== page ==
Sport 7: Winter 1991
♣ Peter Bland
Fucking—in print—hasn't been invented
and the clitoris is a rumour vague
as Atlantis ... no one knows where it is.
In Seatoun zoo the last orangutan
freezes to death in an open cage
with a sack pulled over its head.
Entrails from a Hutt Valley abattoir
foul summer beaches. The sea is red
with wounded Moby Dicks. Death's
rich: both priests and backstreet abortionists
lay down the ground rules for a life without sin.
Up on The Terrace escaped Nazis teach Nietzsche
while down in the harbour refugee ships
bring more walking wounded from exhausted Europe
to till fresh fields and play their violins.
(What's local has got a fist like an All Black
and downs ten )jars between five and six.)
But the scent of something more than meanness
is blowing in with the Cook Strait wind:
poets are beginning to burn their soap-box
while girls with pony-tails kick their heels
to rhythms that are more than meek. In
fugged-up coffee bars 'the young and restless'
light black candles and plan their escape.
The Statue of Queen Victoria (with pout
and hooded lids) still sees
'a home away from home'. . . neat lawns,
a gravel path, English flowers,
and the one big gun—dreams of Dear Albert—
that continually threatens to overbalance
and topple into the town. 'Well worth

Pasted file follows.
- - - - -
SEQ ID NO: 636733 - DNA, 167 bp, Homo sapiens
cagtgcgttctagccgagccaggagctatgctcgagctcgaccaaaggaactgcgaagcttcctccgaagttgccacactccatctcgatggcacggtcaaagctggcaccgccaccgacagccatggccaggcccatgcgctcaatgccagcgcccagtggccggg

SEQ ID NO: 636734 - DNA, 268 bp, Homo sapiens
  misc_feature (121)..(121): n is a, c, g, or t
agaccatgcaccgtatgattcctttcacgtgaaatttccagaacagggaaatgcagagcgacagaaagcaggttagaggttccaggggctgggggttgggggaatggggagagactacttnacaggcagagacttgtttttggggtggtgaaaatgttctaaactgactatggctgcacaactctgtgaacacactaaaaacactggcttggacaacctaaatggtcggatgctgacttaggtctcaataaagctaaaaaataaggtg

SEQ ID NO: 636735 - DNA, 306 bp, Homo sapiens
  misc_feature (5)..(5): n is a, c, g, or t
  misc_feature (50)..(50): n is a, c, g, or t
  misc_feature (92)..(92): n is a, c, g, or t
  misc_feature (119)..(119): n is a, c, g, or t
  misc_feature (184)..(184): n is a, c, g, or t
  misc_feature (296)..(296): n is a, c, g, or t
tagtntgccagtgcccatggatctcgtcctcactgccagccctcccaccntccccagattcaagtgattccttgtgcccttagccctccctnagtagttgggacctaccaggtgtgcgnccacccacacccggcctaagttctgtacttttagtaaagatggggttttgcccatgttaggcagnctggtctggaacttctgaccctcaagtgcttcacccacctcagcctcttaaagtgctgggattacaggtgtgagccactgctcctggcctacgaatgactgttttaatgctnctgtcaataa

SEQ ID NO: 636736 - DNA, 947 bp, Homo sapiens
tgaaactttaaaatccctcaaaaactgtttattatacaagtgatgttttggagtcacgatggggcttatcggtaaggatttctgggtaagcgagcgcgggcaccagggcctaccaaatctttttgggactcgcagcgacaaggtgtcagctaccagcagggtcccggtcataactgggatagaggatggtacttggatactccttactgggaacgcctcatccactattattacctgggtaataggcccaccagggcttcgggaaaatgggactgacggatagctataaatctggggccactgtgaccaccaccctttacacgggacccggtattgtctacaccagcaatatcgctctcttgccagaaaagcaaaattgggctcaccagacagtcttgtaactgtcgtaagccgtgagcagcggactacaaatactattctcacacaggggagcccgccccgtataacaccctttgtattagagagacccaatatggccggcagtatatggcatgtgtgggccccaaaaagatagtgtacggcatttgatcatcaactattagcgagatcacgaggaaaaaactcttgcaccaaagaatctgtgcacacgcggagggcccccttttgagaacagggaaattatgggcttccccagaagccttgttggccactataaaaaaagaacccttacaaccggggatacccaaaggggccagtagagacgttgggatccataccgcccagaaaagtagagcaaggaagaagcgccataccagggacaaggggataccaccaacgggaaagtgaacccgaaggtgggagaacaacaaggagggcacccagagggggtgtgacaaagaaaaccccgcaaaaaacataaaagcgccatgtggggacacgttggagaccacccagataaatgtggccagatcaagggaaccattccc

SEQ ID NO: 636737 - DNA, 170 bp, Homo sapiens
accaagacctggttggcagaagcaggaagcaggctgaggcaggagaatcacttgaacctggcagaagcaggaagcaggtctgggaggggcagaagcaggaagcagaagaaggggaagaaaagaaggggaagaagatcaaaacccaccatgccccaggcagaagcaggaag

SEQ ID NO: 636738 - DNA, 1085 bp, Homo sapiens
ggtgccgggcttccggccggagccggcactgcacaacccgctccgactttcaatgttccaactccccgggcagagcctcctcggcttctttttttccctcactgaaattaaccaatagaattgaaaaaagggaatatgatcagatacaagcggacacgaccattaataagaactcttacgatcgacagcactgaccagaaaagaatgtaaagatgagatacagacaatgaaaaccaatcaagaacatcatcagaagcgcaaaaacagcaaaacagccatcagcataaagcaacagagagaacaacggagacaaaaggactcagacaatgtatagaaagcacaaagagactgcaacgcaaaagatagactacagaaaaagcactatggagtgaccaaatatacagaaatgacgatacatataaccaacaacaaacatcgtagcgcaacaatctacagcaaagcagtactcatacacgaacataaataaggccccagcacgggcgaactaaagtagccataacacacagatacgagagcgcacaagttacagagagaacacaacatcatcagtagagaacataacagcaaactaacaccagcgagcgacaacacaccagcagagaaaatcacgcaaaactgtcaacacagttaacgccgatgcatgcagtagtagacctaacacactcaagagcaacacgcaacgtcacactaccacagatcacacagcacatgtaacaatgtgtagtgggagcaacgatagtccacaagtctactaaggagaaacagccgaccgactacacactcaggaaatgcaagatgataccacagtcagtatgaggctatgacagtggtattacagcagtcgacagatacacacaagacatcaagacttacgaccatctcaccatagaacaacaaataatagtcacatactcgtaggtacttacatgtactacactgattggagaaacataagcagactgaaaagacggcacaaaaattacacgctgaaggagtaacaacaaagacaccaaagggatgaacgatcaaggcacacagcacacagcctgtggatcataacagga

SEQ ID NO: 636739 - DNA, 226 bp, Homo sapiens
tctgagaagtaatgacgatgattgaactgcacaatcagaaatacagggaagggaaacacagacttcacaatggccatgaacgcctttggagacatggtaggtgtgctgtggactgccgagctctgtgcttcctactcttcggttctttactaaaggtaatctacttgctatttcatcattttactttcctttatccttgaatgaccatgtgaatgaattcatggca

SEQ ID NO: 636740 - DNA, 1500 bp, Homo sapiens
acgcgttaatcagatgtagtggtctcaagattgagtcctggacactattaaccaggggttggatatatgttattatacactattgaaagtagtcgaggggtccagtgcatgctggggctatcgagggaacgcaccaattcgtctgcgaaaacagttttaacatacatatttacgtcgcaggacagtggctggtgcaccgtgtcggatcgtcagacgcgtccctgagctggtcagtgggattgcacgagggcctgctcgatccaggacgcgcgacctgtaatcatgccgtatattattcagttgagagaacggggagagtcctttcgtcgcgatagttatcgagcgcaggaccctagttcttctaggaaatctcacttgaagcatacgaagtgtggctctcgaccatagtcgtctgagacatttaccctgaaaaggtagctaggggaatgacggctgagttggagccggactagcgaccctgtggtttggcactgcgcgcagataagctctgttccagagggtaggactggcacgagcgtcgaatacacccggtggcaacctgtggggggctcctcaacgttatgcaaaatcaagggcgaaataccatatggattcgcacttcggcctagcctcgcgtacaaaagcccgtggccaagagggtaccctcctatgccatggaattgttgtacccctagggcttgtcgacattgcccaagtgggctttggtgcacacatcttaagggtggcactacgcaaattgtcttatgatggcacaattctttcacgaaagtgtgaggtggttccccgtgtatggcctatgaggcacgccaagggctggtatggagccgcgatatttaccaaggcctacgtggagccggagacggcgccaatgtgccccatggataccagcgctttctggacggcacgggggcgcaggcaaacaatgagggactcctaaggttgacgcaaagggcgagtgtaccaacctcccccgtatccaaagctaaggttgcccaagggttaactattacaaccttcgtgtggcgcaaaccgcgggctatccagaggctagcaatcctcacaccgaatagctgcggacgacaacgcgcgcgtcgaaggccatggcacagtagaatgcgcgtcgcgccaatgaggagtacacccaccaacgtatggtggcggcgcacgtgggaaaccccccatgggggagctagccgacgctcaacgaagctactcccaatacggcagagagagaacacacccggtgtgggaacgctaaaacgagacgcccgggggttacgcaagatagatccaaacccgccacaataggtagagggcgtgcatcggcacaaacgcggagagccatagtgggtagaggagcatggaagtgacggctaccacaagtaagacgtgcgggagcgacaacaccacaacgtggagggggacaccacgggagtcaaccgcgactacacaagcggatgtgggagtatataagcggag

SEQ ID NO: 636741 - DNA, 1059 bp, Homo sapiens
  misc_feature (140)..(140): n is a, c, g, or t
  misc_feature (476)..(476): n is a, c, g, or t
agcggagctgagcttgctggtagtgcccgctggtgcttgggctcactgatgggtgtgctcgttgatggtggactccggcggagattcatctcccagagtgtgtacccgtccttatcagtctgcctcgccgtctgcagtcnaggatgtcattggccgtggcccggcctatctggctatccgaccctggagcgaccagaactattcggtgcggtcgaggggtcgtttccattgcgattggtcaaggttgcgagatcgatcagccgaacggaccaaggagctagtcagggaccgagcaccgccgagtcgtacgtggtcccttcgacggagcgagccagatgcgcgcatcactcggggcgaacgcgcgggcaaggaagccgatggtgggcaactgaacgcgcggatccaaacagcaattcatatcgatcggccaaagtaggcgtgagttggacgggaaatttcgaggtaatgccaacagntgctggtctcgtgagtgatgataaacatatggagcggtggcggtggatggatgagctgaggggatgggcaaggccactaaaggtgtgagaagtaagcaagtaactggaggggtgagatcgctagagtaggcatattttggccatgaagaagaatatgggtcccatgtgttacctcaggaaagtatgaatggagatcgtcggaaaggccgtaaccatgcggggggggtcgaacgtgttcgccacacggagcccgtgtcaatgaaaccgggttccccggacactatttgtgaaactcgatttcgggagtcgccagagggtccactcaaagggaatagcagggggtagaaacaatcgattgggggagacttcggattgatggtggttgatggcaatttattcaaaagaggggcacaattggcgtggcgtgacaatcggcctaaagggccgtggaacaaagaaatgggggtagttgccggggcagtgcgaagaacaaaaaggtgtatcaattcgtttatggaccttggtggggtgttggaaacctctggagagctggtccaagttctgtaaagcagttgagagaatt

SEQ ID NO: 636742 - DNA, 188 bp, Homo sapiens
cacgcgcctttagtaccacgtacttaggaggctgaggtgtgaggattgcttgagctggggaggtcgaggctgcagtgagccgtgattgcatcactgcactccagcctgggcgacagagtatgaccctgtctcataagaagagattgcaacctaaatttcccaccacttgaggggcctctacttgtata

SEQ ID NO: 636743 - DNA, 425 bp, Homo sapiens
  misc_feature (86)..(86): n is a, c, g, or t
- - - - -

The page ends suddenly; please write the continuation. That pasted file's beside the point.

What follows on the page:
a brief visit,' the guide-book says,
with a warning re muggers and 'the growing threat
of sitting unshaded in our southern sun.'
Further advice hurries over a history
dependent on imported blood,
suggesting we 'take a short-cut down
to the business district' (a photo shows
a forty-foot Santa on Farmers store
winking like a dirty old man). For some
the park is 'a place apart' (note
the lovers and drunks) but for most
it's an open space to be crossed
without looking back—stopping
just long enough to scoff
a Big Mac or re-set one's watch
by the scented ticking of a marigold clock.
Meanwhile, in the pause between then and now
(as preserved in the bronze folds
of a dead Queen's dress)
a bellbird explores varieties of silence
and harbour-sounds drift cautiously inland
like echoes of old arrivals and departures
scattered in the new-mown grass.